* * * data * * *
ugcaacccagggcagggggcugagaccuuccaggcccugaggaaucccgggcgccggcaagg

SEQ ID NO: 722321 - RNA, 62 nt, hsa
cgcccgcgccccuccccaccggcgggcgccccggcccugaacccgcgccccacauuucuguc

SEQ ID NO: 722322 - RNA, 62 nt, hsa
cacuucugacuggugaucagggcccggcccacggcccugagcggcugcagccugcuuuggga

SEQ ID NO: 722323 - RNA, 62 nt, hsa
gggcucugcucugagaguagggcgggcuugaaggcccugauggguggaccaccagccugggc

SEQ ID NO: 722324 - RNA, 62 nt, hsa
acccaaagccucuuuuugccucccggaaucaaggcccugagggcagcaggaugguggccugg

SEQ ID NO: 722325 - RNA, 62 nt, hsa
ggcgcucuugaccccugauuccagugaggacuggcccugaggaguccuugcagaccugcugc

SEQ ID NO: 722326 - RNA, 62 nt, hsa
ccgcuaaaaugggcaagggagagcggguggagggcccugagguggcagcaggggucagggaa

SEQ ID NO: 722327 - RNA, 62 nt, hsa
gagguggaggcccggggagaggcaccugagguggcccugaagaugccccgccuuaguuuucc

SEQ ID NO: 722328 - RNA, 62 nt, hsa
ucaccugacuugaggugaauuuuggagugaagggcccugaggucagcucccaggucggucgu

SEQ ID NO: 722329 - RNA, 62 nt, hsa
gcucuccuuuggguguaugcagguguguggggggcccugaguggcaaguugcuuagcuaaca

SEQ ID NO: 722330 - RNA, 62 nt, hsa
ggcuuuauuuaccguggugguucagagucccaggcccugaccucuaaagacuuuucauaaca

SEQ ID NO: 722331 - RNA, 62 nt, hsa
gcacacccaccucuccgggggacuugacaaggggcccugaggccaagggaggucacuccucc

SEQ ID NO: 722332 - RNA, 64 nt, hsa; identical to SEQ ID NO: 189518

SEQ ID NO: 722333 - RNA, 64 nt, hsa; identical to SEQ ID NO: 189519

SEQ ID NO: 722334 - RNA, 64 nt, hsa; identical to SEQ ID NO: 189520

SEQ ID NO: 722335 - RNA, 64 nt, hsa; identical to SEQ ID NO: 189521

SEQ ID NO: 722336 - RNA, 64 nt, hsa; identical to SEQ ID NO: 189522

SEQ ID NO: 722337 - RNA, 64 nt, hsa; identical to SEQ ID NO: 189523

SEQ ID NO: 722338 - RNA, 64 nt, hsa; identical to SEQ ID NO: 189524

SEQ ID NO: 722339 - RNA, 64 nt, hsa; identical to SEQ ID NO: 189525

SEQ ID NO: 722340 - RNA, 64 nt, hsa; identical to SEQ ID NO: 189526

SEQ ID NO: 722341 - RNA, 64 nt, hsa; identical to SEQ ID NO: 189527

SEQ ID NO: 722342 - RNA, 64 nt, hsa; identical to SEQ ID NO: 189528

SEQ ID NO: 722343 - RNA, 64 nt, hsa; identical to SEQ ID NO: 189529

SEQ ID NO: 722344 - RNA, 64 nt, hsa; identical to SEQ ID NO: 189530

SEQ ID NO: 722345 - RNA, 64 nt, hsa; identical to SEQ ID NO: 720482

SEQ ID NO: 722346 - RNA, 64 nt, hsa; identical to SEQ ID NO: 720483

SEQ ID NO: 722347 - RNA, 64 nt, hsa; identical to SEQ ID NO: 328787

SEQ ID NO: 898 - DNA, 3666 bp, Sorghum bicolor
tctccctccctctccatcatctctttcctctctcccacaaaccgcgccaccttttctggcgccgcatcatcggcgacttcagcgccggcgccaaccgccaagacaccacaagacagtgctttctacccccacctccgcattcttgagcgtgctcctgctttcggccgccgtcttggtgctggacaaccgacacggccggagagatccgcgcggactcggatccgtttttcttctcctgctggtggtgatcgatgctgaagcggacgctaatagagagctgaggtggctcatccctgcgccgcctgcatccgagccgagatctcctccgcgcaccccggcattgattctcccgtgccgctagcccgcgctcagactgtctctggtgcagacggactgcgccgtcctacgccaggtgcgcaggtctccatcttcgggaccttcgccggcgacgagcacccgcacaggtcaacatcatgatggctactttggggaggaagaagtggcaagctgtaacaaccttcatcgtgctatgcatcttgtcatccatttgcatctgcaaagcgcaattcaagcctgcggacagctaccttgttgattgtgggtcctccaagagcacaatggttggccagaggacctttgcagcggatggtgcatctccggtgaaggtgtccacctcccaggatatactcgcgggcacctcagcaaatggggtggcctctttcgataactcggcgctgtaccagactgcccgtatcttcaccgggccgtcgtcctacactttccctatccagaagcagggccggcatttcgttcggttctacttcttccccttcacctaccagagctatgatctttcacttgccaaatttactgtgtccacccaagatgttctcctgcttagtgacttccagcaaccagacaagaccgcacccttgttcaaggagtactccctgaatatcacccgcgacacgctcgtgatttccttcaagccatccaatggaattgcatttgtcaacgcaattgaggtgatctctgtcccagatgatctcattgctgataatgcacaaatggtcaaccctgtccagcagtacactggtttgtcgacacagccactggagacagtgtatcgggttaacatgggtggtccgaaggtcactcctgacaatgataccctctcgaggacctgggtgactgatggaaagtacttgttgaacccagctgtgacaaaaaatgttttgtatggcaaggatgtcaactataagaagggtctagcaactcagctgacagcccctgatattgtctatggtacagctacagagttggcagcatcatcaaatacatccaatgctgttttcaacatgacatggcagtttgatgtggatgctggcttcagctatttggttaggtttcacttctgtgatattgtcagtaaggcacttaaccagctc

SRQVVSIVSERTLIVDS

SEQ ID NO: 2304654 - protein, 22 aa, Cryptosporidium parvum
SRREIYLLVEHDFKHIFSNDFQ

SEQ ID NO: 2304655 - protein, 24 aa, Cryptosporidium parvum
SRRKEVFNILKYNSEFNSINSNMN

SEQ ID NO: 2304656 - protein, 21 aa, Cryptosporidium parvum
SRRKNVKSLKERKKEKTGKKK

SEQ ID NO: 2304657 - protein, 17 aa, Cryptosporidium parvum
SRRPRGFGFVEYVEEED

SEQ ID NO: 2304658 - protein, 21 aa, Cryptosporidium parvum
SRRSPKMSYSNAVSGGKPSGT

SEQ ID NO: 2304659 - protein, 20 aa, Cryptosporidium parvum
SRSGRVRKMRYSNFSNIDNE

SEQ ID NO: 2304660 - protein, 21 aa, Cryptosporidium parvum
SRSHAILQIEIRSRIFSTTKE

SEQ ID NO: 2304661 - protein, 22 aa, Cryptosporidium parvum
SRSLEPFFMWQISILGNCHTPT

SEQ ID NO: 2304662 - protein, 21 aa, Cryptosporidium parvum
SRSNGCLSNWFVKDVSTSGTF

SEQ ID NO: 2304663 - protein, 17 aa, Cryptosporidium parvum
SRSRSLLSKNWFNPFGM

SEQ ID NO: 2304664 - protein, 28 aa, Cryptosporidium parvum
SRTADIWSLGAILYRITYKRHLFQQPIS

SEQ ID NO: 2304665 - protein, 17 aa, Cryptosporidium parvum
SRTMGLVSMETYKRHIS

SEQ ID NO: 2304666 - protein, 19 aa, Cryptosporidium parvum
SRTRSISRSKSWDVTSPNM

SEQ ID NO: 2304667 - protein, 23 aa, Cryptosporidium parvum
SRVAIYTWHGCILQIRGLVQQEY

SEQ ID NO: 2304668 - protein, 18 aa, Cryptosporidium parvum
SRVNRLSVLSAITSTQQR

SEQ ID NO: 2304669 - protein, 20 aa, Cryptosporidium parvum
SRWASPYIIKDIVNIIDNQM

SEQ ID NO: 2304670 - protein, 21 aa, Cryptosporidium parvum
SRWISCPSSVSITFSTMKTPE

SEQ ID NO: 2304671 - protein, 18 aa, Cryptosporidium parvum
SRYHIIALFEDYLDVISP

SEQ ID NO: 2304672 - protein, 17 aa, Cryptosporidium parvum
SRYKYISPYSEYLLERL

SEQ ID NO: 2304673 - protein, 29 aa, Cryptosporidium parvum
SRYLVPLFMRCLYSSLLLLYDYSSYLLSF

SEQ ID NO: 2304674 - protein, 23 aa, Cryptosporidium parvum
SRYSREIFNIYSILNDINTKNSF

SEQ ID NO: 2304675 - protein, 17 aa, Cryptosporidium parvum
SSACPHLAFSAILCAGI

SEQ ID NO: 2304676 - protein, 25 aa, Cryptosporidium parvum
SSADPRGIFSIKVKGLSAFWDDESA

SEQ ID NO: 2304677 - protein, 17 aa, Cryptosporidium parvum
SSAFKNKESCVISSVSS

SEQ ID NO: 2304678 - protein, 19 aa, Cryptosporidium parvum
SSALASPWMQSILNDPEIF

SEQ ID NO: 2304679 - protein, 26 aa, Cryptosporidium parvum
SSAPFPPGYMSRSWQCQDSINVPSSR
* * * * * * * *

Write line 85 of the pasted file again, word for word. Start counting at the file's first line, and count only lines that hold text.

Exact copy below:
SEQ ID NO: 2304675 - protein, 17 aa, Cryptosporidium parvum